Miles4Melanoma 5k run set for Saturday at Lake Olmstead

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When Army Staff Sgt. Aaron Hale arrived in Augusta, blind and broken from a roadside bomb in Afghanistan, it was his wife that he turned to for support.

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Kelly Hale (right) who was diagnosed with melanoma while her husband Aaron Hale recovered at the Department of Veterans hospital from injuries received in Afghanistan will be participating Saturday in the Third Annual Miles4Melanoma 5K run at Lake Olmstead.   EMILY ROSE BENNETT/STAFF
EMILY ROSE BENNETT/STAFF
Kelly Hale (right) who was diagnosed with melanoma while her husband Aaron Hale recovered at the Department of Veterans hospital from injuries received in Afghanistan will be participating Saturday in the Third Annual Miles4Melanoma 5K run at Lake Olmstead.

Without her, “I would have crumbled like wet origami,” Hale said.

But any notion that the worst was behind this family of six quickly fell apart when Kelly Hale was diagnosed with skin cancer just days after her husband was admitted to the uptown Department of Veterans hospital for rehabilitation.

Flash forward three months and Hale is ready to slip on her sneakers for Saturday’s Miles4Melanoma 5K run at Lake Olmstead, beginning at 8:30 a.m.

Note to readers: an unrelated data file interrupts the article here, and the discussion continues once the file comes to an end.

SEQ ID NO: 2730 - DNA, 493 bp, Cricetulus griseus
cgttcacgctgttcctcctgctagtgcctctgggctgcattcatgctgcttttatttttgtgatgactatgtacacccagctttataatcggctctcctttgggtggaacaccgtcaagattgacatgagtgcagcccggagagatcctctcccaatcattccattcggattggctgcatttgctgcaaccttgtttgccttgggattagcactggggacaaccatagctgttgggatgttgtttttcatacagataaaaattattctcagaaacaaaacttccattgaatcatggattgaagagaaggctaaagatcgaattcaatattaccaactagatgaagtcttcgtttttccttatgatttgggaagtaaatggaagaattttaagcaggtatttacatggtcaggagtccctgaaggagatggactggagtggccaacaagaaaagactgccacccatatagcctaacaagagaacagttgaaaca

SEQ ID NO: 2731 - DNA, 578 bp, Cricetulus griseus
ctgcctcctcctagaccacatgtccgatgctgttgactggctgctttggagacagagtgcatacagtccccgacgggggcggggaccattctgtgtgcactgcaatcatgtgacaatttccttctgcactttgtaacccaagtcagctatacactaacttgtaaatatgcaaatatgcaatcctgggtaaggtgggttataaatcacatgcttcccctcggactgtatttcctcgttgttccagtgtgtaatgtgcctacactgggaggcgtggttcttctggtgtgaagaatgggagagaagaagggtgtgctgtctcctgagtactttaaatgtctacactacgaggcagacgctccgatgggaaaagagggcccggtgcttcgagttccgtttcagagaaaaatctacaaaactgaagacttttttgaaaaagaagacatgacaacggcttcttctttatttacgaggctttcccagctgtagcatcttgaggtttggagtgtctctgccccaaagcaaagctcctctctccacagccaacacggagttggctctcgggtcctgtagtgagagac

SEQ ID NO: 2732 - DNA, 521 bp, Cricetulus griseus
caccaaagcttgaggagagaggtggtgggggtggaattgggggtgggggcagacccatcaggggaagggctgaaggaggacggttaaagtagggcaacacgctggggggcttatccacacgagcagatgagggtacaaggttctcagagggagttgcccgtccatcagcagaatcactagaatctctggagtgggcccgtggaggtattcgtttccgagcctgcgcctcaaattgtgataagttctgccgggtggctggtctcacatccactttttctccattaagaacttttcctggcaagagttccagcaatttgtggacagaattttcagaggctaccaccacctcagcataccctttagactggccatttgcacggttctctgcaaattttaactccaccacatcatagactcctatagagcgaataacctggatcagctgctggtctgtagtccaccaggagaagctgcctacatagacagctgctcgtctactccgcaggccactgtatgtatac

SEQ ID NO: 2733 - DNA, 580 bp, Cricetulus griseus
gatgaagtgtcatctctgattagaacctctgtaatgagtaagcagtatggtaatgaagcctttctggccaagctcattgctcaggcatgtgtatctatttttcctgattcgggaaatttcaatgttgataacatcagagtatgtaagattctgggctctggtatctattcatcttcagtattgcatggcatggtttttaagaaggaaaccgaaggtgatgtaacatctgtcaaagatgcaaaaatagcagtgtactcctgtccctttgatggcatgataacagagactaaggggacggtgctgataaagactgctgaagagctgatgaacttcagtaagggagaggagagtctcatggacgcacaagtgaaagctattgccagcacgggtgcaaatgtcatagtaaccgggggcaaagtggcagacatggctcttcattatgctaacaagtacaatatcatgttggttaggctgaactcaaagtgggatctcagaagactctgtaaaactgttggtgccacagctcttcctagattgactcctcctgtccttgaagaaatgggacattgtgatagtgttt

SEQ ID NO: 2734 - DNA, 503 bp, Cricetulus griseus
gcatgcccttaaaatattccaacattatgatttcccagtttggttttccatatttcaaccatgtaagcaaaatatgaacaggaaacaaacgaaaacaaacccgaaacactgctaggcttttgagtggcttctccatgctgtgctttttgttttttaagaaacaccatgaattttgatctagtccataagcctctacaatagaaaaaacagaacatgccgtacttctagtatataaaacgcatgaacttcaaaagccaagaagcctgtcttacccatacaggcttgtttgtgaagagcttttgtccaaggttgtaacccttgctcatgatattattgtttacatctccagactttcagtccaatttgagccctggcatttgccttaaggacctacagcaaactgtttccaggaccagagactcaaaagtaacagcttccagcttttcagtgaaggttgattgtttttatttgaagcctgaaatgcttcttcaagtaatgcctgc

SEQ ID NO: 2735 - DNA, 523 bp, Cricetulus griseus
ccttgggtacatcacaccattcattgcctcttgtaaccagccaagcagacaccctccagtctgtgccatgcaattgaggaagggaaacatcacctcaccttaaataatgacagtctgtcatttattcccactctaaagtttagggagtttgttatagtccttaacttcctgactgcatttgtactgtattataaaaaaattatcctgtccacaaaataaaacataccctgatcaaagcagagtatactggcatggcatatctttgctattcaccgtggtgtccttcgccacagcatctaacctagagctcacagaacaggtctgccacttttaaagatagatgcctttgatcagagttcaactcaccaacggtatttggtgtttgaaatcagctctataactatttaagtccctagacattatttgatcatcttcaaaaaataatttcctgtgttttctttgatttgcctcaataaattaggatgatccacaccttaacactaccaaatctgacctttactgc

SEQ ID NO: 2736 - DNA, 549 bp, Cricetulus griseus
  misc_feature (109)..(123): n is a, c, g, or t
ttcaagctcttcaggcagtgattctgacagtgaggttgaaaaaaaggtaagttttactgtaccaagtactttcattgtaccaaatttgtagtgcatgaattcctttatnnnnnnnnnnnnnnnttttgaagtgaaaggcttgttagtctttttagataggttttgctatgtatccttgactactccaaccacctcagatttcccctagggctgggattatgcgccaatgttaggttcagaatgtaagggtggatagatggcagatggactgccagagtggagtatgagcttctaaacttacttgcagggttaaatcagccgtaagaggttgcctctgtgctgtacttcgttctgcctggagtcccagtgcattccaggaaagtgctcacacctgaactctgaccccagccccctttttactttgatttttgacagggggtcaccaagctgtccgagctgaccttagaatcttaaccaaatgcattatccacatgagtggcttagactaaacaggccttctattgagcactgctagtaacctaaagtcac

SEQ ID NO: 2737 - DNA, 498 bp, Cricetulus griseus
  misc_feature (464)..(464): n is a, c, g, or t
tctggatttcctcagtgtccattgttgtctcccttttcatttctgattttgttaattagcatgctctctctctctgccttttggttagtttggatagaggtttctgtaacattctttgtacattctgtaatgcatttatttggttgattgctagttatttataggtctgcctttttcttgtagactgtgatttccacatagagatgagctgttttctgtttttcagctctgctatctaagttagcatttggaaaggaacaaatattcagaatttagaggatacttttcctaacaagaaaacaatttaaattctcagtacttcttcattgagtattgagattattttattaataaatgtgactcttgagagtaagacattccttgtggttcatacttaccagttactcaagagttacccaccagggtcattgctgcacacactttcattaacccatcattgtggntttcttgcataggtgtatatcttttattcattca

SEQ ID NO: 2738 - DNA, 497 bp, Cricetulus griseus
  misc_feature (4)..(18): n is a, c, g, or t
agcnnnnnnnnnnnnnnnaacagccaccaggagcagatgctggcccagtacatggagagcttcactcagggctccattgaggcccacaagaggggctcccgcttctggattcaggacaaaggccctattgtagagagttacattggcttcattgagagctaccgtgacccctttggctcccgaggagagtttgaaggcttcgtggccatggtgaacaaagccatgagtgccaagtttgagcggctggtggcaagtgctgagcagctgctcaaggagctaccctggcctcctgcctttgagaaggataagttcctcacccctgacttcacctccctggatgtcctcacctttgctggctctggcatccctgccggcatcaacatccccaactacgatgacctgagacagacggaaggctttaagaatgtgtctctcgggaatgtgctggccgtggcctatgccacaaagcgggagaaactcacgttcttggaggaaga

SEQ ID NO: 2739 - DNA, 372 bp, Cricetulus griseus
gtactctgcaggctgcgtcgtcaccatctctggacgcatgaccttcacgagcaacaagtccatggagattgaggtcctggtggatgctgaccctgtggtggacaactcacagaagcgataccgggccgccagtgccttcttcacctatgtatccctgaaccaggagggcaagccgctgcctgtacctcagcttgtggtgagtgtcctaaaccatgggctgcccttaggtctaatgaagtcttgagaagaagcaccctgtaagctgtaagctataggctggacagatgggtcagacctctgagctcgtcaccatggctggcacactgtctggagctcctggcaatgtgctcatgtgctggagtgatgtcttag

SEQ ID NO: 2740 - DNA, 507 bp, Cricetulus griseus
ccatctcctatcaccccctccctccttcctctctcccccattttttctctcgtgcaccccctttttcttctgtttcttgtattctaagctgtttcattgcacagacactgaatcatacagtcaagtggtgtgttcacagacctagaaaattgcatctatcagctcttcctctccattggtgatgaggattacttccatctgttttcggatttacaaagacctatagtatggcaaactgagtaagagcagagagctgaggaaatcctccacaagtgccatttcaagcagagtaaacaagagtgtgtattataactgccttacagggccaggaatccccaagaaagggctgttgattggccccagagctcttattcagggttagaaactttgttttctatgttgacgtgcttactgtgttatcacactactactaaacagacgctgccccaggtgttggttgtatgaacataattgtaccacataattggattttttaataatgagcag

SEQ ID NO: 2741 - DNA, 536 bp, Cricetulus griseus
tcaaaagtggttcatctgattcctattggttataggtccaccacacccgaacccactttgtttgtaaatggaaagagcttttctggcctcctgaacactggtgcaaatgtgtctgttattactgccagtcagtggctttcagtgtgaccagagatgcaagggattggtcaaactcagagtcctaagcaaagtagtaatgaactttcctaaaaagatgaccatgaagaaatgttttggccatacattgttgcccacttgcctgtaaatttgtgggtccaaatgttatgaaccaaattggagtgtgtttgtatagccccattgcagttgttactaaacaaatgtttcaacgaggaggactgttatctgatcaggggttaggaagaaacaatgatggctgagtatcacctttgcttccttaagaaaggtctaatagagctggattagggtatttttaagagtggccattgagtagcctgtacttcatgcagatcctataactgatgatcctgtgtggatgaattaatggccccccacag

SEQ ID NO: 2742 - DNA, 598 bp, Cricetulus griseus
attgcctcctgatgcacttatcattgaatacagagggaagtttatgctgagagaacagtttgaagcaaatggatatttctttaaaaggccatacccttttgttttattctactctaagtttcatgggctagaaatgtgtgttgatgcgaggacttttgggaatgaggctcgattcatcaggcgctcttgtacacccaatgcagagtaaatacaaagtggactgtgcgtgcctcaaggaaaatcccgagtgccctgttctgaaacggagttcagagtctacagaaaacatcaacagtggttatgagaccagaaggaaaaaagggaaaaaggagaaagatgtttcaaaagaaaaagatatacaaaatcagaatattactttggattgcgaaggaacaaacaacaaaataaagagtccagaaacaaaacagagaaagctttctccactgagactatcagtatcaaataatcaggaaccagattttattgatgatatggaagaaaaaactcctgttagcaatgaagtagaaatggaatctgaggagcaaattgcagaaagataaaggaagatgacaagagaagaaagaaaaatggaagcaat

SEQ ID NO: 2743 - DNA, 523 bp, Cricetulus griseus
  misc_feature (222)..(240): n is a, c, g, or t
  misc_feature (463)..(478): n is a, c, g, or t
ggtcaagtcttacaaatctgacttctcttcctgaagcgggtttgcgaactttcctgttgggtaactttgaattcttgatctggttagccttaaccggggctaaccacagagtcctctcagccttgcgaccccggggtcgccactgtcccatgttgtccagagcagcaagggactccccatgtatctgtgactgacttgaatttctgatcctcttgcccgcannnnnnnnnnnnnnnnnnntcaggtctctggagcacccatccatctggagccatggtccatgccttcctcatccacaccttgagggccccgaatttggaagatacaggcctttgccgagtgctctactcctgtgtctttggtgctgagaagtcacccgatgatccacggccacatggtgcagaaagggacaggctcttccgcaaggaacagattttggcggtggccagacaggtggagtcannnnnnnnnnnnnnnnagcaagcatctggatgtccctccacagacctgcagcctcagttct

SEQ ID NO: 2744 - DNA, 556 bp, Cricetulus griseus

Her melanoma, a discolored spot on her collarbone, was removed with surgery and she’s currently in remission. But the emotional roller coaster that started rolling Dec. 8 with her husband’s injury is still fresh on her mind.

“We just took it one day at time,” Hale said. “There are very few words to describe the experience.”

The Hales, both 34, met in 2007 at Eglin Air Force base in Florida. His training in explosives and ordnance disposal took their family to Fort Drum, N.Y., and Hale twice to Afghanistan and once to Iraq. His responsibility overseas was to collect and study roadside bombs for distinguishing marks and to determine their origin.

On Dec. 8, he was about 30 feet from a bomb when it exploded, sending shrapnel skyward. Hale’s injuries were mostly above his neck and he eventually lost both eyes.

He was quickly shipped to Bagram Air Force Base for treatment, then Germany and the Walter Reed National Military Medical Center in Maryland. His rehabilitation is expected to end mid-May and the family will travel again to Eglin Air Force Base where Hale will go through the medical boards to determine his fitness for duty.

Looking back, Hale recognizes that her husband’s injury was in a sense providence. She would still be wrapped up against the cold of upstate New York and a fellow resident at the Fisher House on the VA campus wouldn’t have seen the melanoma and advised she see a doctor.

“I don’t know if I would have survived this if not for Aaron’s injury,” she said.


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